The woman at the center of the firestorm surrounding the tech-plagued launch of the Obamacare website says President Barack Obama was not informed of potential red flags until it went live.
In an interview with CNN's Sanjay Gupta on Tuesday, Health and Human Services Secretary Kathleen Sebelius said the president was told of problems with the site in the "first couple of days" after the Oct. 1 launch of HealthCare.gov, but not before.
"Nobody says the site is working the way we want it to," Sebelius said. "No one could be more frustrated than I am, and the president, that this isn't smooth."
Sebelius, though, defended going ahead with the launch of the Affordable Care Act portal despite concerns from health insurance companies that it wouldn't work and a failed test run in late September involving just a few hundred users.
"There are people in this country who have waited decades for affordable health coverage for themselves and their families," she said. "What's clear is we have a product. The product really works. We have created a market where there wasn't a market."
She added, "I was optimistic that things would go smoothly. I felt that the day had finally come I've done this work now for three and a half years, implementing this historic law."
The secretary blamed some on the site's problems on "extremely high" volume.
"We've had nearly 20 million people visit the website in the first three weeks," Sebelius said. "And that shows, I think, the pent-up interest that people have in affordable, available health coverage."
About 500,000 people have created accounts on the site, she said, though she declined to disclose how many of those enrolled in health care plans.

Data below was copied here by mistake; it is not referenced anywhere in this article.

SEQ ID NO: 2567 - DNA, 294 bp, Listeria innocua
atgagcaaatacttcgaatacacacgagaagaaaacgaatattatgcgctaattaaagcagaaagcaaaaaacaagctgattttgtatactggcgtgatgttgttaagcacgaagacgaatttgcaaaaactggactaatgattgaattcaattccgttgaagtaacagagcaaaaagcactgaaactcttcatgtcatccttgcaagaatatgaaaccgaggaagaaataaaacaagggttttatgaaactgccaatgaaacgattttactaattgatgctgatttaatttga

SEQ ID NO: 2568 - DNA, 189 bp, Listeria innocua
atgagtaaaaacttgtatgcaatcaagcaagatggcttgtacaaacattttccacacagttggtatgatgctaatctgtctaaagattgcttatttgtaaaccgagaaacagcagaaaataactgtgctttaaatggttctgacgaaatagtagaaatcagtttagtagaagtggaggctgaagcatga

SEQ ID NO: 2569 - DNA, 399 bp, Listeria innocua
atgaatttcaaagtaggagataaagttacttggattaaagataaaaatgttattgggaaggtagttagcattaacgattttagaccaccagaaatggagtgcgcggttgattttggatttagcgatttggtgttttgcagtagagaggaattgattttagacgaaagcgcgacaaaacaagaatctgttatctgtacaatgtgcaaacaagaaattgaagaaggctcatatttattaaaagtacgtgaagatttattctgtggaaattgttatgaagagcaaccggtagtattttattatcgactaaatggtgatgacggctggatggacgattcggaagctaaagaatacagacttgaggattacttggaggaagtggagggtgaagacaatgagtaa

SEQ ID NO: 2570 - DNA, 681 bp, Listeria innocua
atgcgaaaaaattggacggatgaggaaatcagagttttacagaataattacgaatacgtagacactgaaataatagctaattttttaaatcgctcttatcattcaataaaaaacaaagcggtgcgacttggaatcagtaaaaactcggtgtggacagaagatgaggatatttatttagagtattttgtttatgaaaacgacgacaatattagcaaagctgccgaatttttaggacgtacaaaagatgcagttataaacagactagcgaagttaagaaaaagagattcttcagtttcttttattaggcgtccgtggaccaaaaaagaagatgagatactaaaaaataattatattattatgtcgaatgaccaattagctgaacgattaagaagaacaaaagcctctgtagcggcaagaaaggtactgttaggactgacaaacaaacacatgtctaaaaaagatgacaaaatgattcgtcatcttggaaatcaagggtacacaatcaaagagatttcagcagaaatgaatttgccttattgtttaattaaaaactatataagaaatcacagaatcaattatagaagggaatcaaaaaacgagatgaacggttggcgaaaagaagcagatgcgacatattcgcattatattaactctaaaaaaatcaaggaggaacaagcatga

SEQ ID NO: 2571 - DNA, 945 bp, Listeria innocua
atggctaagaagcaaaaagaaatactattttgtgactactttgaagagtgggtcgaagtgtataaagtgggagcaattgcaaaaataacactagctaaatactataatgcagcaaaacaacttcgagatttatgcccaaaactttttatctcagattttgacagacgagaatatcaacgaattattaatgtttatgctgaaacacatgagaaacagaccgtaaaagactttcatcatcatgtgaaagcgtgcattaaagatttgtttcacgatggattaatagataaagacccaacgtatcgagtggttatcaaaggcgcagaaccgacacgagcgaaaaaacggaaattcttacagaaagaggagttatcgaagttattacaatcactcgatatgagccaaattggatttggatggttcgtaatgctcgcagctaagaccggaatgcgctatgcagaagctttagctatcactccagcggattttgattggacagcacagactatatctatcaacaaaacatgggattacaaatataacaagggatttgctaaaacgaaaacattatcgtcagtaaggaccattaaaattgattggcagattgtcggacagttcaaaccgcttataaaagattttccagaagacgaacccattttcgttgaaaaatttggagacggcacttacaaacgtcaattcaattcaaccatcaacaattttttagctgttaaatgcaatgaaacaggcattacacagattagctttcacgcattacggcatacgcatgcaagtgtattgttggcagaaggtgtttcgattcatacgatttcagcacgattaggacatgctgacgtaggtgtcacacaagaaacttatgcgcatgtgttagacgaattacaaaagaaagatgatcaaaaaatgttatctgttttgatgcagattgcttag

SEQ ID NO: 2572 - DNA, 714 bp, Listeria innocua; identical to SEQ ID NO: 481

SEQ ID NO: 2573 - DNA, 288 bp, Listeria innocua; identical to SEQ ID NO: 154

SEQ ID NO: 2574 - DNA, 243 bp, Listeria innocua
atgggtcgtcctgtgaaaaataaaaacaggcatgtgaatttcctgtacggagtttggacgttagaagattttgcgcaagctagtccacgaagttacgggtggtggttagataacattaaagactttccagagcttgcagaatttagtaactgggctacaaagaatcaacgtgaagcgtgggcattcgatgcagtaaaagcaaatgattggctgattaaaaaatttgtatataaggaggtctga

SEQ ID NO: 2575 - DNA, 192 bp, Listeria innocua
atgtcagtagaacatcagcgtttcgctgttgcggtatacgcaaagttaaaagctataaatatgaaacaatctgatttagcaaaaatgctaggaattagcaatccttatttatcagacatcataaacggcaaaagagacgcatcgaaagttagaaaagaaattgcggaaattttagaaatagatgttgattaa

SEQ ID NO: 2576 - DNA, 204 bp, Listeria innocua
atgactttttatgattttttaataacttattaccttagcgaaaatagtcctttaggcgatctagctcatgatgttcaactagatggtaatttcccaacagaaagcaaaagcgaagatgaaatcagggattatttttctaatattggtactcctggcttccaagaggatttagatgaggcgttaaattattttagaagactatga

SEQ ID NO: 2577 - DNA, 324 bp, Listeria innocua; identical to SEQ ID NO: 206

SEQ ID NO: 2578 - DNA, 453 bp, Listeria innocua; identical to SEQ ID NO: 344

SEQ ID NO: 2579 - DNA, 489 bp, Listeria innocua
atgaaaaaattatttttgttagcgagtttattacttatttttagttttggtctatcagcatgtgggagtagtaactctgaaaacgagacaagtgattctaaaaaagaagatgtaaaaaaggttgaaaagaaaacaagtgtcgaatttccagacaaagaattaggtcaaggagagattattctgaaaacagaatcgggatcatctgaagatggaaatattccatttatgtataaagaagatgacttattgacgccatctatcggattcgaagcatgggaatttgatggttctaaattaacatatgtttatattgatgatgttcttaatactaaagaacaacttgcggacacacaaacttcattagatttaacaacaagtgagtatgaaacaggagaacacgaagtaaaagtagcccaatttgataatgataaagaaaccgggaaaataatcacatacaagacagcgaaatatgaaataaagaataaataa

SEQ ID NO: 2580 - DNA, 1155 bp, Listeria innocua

"What we can tell you is that thousands of people have signed up," Sebelius said. "We know that people are getting through every day. It is not where we need it to be. It isn't as smooth as we want it to be for the volume of people who want this product."
On Monday, Obama said “experts” are mounting a “tech surge” to fix the Obamacare website.
“We’ve got people working overtime, 24/7, to boost capacity and address the problems,” he said in a speech in the Rose Garden. “Experts from some of America's top private-sector tech companies — who've, by the way, have seen things like this happen before — they want it to work.
“They're reaching out. They're offering to send help. We've had some of the best IT talent in the entire country join the team,” the president said. “And we're well into a tech surge to fix the problem. And we are confident that we will get all the problems fixed.
“There's no sugarcoating it," Obama added. "The website has been too slow; people have been getting stuck during the application process. And I think it's fair to say that nobody's more frustrated by that than I am.”